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EPA gives go-ahead to extended disposal operation off Great Barrier Island

Contributor:
Fuseworks Media
Fuseworks Media

A Decision-making Committee appointed by the Environmental Protection Authority has granted dredging and disposal company Coastal Resources Limited, a 35-year marine consent to dispose of dredged sediment off Great Barrier Island.

A Decision-making Committee appointed by the Environmental Protection Authority has granted dredging and disposal company Coastal Resources Limited, a 35-year marine consent to dispose of dredged sediment off Great Barrier Island.

Coastal Resources Limited already holds consent to dispose of 50,000 cubic metres of dredged sediment annually at the approved site, known as the Northern Disposal Area which sits 25 kilometres east of the Island in Exclusive Economic Zone waters. In June 2018 it applied to the EPA to expand its operation to 250,000 cubic metres annually.

In granting the consent, the Decision-making Committee set conditions which will see Coastal Resources Limited carry out regular environmental monitoring of the site for the duration of the consent, and a requirement that the EPA, Biosecurity New Zealand, Auckland Council, Waikato Regional Council and Northland Regional Council be notified within 48 hours of any biosecurity risk.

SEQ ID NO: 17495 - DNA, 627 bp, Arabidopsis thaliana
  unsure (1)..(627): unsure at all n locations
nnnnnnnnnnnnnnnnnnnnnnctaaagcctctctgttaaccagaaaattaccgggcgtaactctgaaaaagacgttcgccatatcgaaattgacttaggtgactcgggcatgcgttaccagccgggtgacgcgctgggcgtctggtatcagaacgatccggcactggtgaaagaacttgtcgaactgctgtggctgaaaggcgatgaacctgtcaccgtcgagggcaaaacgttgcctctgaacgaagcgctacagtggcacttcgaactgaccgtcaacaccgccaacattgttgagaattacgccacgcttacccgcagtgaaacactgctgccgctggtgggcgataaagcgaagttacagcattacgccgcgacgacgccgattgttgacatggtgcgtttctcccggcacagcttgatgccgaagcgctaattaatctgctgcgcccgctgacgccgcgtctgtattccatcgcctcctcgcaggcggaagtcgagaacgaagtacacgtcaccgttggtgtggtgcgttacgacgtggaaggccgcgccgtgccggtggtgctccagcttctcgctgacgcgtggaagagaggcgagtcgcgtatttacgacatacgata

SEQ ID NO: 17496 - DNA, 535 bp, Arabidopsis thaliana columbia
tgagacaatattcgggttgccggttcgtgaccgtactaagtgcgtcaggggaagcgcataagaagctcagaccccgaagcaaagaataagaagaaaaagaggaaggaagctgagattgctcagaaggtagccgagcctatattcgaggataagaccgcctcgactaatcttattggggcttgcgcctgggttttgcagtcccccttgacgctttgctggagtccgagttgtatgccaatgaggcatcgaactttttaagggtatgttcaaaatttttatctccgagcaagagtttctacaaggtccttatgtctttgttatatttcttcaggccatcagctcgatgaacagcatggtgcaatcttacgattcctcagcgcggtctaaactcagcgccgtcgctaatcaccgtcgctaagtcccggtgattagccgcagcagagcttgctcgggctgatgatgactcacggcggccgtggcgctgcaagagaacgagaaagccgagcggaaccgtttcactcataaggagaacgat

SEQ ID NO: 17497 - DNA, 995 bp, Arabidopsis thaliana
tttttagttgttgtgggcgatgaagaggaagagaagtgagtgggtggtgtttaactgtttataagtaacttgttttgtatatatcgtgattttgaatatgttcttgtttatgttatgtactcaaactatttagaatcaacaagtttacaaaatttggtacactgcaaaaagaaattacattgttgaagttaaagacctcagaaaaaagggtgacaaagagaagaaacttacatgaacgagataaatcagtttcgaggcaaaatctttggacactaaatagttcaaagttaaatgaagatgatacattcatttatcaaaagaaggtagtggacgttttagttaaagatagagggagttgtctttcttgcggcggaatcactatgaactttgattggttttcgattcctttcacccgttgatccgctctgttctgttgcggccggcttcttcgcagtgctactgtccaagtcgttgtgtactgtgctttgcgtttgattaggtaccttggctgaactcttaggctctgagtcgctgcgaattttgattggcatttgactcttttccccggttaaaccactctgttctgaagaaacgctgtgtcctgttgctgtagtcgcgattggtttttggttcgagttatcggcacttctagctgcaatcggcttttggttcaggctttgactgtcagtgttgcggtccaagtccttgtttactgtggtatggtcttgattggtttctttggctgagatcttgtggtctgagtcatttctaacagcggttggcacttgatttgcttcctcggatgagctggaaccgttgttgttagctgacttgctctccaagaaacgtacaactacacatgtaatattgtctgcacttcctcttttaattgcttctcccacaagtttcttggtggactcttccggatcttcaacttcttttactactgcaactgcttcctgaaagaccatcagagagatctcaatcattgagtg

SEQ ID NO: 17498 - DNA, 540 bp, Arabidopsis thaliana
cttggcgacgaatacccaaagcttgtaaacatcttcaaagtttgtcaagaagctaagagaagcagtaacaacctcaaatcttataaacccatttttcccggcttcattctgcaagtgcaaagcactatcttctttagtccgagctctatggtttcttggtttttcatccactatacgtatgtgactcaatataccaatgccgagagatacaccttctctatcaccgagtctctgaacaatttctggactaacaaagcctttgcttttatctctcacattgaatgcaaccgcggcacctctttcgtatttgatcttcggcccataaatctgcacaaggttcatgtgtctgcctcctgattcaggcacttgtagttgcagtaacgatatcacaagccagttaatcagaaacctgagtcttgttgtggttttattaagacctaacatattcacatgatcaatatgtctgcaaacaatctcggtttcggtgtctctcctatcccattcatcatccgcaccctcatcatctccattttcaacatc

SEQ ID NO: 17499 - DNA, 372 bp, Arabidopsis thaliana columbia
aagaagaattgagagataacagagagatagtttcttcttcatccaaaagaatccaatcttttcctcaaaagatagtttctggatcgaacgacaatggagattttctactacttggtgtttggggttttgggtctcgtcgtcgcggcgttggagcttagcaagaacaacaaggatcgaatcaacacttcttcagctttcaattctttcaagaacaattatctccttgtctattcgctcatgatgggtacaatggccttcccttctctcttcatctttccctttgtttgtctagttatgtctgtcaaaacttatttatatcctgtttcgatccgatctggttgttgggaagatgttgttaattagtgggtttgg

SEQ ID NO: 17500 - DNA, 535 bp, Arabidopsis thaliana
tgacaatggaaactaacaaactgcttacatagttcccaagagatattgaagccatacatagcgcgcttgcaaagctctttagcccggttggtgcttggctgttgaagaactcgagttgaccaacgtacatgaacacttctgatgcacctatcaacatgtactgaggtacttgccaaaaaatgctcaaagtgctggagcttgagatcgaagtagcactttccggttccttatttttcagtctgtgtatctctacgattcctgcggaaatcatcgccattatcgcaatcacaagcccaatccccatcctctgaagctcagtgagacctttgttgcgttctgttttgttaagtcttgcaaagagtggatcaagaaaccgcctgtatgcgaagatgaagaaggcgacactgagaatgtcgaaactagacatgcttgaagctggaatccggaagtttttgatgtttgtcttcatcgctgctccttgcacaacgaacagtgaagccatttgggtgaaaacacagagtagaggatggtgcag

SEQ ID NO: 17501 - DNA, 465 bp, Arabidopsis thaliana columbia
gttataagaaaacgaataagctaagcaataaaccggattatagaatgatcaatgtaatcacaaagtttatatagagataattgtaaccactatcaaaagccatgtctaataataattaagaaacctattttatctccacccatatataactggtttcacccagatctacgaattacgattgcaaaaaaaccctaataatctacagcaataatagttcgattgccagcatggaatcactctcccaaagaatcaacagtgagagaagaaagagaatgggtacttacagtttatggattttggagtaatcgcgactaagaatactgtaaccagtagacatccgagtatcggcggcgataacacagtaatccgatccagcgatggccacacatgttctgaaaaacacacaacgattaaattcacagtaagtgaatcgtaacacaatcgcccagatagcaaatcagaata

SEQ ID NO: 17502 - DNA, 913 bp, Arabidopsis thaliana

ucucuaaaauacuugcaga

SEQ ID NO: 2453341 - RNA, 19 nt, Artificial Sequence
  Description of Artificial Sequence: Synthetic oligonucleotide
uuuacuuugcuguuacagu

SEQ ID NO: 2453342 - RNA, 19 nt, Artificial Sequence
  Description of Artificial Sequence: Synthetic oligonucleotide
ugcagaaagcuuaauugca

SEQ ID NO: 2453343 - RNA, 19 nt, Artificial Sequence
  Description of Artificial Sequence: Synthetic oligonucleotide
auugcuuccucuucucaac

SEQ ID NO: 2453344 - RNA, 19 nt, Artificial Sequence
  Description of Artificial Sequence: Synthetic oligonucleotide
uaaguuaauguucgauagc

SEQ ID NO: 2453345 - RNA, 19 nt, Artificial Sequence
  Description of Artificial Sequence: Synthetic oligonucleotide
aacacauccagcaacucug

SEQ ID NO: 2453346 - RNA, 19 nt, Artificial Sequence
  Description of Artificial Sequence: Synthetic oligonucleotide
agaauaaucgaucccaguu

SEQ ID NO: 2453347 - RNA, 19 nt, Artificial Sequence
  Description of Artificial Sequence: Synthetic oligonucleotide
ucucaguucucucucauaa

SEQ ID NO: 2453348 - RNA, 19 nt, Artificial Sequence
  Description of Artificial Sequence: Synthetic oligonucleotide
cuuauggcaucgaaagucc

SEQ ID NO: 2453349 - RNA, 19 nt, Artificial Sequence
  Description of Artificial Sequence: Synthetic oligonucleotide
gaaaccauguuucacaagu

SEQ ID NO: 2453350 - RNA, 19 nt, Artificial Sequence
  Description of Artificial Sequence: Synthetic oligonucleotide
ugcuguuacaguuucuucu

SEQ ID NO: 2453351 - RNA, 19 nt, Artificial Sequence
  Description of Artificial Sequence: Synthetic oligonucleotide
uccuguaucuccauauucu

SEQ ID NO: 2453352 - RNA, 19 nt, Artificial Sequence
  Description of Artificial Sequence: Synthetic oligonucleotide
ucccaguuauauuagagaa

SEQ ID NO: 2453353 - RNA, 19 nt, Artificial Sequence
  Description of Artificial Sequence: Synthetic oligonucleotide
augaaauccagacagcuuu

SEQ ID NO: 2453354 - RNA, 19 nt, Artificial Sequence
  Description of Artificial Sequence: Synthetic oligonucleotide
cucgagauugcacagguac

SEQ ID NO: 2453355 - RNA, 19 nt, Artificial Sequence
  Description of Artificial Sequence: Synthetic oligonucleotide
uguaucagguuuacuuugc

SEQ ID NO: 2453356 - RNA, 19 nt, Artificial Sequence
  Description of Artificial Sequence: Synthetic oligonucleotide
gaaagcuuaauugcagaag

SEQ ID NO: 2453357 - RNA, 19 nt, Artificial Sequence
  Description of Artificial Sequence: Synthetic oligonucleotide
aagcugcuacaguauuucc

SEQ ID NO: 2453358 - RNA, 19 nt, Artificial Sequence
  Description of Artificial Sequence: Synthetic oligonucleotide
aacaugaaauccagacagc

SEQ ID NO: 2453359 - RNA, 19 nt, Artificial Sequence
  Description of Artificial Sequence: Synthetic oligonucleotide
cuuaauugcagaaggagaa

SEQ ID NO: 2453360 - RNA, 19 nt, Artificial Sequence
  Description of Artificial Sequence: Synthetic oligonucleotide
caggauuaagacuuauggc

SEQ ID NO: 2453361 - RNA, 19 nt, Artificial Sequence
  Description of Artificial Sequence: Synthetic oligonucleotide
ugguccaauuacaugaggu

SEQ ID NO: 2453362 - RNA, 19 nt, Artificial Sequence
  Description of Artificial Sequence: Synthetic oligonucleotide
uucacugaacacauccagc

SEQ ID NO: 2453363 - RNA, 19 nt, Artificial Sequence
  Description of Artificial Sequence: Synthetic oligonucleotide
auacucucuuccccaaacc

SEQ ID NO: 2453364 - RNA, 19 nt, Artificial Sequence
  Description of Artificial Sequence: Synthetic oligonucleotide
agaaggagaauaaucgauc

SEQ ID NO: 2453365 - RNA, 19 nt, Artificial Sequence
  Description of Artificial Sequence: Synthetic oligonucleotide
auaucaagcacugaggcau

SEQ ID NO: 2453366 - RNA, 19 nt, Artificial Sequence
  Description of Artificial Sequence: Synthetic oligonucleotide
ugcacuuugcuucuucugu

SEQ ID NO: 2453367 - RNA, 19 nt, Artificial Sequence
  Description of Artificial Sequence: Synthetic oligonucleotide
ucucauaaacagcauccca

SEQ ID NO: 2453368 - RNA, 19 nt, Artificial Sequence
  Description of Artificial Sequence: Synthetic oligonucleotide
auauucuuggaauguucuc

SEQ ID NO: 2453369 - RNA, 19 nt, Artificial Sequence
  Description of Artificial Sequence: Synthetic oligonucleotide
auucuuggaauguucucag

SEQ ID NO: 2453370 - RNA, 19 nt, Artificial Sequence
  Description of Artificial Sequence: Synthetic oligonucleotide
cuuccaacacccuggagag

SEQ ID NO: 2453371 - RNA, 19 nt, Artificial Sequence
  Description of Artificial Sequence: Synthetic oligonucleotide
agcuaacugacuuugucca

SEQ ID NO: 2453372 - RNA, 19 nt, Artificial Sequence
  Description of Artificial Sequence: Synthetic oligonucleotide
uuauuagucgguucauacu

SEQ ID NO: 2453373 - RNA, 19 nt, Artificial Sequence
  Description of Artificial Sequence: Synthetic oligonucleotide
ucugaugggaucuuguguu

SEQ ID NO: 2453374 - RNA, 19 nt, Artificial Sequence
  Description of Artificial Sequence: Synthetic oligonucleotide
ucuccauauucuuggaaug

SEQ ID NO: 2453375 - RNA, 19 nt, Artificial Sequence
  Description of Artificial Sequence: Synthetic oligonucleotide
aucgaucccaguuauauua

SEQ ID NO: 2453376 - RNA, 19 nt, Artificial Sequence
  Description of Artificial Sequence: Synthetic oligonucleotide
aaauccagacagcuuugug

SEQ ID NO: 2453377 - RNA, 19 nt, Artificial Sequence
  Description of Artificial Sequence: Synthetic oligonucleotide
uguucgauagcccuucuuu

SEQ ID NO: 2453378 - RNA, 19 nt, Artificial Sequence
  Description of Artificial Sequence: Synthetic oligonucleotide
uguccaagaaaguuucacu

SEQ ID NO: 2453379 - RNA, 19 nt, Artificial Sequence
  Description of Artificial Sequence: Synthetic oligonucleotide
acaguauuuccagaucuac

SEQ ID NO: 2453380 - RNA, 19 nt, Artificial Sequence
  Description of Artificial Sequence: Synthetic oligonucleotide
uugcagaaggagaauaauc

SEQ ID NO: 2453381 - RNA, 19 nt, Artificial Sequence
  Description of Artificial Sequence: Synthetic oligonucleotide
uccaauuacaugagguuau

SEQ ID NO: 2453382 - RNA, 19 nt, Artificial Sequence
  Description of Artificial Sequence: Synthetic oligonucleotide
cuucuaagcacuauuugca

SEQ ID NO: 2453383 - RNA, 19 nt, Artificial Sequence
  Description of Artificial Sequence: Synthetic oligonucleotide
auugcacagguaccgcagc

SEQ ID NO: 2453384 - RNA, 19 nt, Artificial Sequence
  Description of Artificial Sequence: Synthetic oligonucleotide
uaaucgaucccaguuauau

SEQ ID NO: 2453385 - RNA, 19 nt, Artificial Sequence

In its final decision, Committee members Mark Farnsworth, (Chair), Basil Morrison, and Gillian Wratt found that: The potential adverse effects on the environment, including cumulative effects, of any disposal activity will be restricted to the Northern Disposal Area and negligible beyond the boundary.

Any potential adverse effects on ‘Existing Interests’, including those on commercial fishing activities, will be negligible beyond the boundary.

The proposed operational procedures, mitigation measures and conditions will ensure that the biological diversity of marine species, ecosystems and processes in the Hauraki Gulf, and wider coastal and offshore environment, will be protected.

Coastal Resources Limited is required to comply with a number of other legislative regimes that relate to health and safety and environmental protection. These will further protect the environment and minimise any potential for adverse effects from the disposal activity.

This new consent replaces the current consent and will come into effect providing no appeal is lodged.

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